little girl shopping with credit cardsAfter my oldest son went away to college, I remember when credit card statements started showing up in our mailbox.

My husband and I quickly began to talk to our son about the risks of opening and keeping multiple credit accounts. Thankfully, he closed those accounts as quickly as he opened them.

It’s easy for older teens and young adults to believe that credit cards are a simple way to get what they want, without considering future consequences. And proactive teaching is the best way to arm our kids with the knowledge they need to use credit cards wisely.

The legal age to sign up for a credit card in the United States is 18. As you try to determine whether your child is responsible enough to have his or her own credit card, the answer can feel complicated. What are the pros and cons, what kind of credit card would be best, and how should you teach them how to use it?

The reasoning that many people believe in is that that building up a teenager’s credit score is beneficial. And often, when young people come in to INB, they say they want to start establishing their credit.

With established credit, young adults will have some credit history to their name in a few years when they might want to purchase their own car or buy or rent a home. So I suggest to them that they apply for a card with small limit, make minimal charges to it, and then pay it off in full each month.

Access to a credit card also gives teens a certain amount of responsibility. They gain experience from making good decisions (or, from dealing with a card that has been maxed out.) Also, making online purchases with a credit card is preferred as compared to a debit card tied to your account; credit cards offer more consumer protection consumer in cases of fraud.

Weigh Benefits and Pitfalls

There are benefits of handing your 18-year-old a credit card, but there are pitfalls too.

In a government-sponsored money management test given by the organization Jump$start Coalition for Financial Literacy, almost half of the high school students who took the test failed, and less than 10 percent were shown to understand basic credit card concepts like how to calculate interest rates and what an annual percentage rate (APR) is.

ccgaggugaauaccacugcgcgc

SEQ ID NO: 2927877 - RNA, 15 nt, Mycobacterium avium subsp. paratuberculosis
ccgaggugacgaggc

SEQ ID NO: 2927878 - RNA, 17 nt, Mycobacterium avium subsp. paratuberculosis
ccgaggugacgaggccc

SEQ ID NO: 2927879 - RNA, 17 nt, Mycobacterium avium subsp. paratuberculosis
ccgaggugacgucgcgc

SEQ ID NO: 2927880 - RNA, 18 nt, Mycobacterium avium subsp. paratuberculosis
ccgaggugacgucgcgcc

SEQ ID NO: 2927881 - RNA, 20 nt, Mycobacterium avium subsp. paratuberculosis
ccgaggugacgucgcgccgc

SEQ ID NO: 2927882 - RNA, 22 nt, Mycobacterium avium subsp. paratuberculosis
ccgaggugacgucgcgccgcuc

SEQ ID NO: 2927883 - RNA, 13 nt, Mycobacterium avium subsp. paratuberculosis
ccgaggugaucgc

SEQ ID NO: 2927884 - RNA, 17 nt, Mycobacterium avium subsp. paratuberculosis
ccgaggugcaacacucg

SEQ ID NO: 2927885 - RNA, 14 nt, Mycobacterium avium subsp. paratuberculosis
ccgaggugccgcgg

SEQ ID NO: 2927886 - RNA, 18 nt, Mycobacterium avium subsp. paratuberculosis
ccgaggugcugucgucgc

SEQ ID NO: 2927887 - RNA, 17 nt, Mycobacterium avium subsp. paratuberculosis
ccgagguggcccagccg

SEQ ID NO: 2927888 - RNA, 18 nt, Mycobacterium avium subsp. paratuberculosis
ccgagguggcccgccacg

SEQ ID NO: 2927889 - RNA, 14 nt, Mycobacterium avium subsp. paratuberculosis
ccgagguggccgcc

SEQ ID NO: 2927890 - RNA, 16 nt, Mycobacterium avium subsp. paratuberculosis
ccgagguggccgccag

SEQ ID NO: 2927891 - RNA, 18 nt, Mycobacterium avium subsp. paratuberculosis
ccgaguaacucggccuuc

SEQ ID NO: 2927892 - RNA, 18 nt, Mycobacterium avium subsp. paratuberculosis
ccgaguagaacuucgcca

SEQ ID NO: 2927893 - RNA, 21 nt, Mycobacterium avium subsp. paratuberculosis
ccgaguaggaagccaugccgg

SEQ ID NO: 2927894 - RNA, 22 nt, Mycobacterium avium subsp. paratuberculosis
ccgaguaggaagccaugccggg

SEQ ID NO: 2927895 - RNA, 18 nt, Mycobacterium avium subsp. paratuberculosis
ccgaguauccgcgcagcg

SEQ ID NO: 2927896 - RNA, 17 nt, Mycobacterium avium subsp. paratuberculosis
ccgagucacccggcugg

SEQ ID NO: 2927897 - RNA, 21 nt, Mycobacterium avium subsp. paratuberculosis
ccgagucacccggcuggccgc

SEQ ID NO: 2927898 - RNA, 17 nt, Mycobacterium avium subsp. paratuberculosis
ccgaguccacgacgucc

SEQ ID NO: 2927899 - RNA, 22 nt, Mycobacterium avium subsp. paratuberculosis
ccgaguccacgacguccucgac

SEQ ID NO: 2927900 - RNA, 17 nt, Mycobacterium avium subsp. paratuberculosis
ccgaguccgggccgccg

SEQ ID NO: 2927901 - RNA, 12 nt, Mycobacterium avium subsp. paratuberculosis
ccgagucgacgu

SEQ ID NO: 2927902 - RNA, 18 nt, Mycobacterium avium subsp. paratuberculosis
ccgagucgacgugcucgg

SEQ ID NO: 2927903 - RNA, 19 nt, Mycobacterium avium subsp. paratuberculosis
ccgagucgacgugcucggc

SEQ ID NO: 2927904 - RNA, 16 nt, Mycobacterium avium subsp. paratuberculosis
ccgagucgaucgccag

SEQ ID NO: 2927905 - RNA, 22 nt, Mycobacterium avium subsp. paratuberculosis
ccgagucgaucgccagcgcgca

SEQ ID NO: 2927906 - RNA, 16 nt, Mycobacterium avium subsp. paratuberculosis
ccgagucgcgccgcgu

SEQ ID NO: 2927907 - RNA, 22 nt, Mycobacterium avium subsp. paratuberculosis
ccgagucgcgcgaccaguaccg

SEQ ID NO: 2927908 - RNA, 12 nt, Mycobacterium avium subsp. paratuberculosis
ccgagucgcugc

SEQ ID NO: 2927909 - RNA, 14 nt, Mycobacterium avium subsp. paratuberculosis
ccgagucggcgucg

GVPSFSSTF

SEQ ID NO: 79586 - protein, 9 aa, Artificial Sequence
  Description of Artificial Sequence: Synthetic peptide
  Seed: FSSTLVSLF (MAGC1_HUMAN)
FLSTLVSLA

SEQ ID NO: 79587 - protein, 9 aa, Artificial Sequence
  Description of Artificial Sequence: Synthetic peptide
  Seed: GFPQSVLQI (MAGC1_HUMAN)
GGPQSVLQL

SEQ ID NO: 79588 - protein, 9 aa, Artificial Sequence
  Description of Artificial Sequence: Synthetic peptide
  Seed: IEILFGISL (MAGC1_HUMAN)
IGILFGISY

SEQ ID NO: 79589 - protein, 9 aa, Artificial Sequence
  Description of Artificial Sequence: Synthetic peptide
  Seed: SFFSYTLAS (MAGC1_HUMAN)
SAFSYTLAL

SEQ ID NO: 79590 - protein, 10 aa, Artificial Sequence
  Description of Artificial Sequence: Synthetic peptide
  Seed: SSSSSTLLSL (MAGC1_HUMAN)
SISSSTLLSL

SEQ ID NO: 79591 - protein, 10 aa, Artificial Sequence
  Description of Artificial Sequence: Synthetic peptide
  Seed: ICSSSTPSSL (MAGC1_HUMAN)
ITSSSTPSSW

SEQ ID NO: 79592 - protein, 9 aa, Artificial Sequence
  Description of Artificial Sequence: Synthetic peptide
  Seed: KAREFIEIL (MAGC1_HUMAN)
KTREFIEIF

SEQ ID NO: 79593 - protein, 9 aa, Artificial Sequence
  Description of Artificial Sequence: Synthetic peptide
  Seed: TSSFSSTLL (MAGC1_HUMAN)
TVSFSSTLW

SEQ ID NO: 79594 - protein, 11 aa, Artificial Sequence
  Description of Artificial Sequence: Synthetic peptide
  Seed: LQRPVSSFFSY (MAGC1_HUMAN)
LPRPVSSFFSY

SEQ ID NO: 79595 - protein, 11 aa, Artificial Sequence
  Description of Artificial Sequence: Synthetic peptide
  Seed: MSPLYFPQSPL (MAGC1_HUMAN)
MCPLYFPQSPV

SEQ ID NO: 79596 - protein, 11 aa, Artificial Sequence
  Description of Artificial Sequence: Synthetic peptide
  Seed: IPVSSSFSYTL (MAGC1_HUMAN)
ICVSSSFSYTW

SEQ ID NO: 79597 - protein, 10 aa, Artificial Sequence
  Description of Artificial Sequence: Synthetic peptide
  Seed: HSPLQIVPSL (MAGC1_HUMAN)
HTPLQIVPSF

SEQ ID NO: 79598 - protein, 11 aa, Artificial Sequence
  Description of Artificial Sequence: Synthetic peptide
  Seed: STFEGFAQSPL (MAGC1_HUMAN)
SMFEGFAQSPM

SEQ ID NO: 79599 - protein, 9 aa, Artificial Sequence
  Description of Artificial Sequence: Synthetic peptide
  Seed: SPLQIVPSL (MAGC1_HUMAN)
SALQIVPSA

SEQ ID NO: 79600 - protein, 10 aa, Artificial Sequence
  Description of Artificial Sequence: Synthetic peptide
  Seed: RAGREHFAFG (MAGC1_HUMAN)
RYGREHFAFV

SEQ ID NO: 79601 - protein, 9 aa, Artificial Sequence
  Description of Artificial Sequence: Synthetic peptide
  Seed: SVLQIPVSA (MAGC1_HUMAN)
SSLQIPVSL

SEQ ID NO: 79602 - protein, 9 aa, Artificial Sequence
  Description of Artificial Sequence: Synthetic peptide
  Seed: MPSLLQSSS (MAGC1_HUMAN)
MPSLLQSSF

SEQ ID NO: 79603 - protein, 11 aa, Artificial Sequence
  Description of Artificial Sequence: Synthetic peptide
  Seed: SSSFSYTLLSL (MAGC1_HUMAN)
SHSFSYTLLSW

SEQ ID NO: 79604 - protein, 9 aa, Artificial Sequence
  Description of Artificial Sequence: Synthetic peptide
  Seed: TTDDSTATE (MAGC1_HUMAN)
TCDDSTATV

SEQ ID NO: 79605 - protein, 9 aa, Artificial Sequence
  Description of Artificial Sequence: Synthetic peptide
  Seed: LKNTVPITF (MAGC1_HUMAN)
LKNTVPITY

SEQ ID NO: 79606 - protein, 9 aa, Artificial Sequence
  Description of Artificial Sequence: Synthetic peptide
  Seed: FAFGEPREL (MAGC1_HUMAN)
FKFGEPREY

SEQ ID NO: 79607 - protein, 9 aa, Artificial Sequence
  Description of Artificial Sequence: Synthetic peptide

Parents can combat common pitfalls by educating and monitoring credit cards. Consistent education is especially important because even those with good intentions can fall down the black hole of seemingly limitless spending. Here’s what you need to talk to your teen about…

The purpose of access to credit. When it comes to teens, credit cards are a tool, used to build positive credit history and for emergencies – not to eliminate or ignore positive spending habits. For someone going away to college, I do suggest a single credit card for emergency purposes, and I encourage parents to be on the account, because it helps keep the student in check. Sometimes, before you know it, you’ve racked up $200 just going out to eat at college!

Interest rates. If you don’t pay off your card in full each month, it will cost you. Many credit cards have high, or even exorbitant, interest rates. I always recommend young people begin saving for something they want to buy, developing self-discipline and making sure they truly want that item, instead of using a credit card for immediate gratification.

Paying the balance, not the minimum. We all know the power of compound interest when it comes to saving, especially for long-term goals like retirement. But compound interest works against you if you don’t pay off your balance in full, growing your debt quickly.

Late fees. Not only will you get docked with a fee, but there are major consequences if you don’t pay your bills on time. Your credit score drops, and you may have a difficult time getting any future loans.

Cost of debt. One spending rampage can be detrimental in the long run, and parents may not know about it for weeks. One way to solve this potential problem is to impose a low credit limit on your child’s first card.

What to do if your card is lost or stolen. There is an emergency number on all credit cards to report a lost or stolen card, which should be done immediately. For INB credit card holders, call 800-558-3424.

Be Vigilant

I encourage parents to continue to monitor your child’s account, even after you feel he or she has “proved themselves” as a good decision-maker while using credit. It can take only a few impulse purchases for debt to mount quickly.

Conversations with your teens about all issues regarding credit cards should be constant so that access to credit doesn’t begin a downfall of personal finance but instead, provides an opportunity for learning responsible money management and self-discipline in purchasing.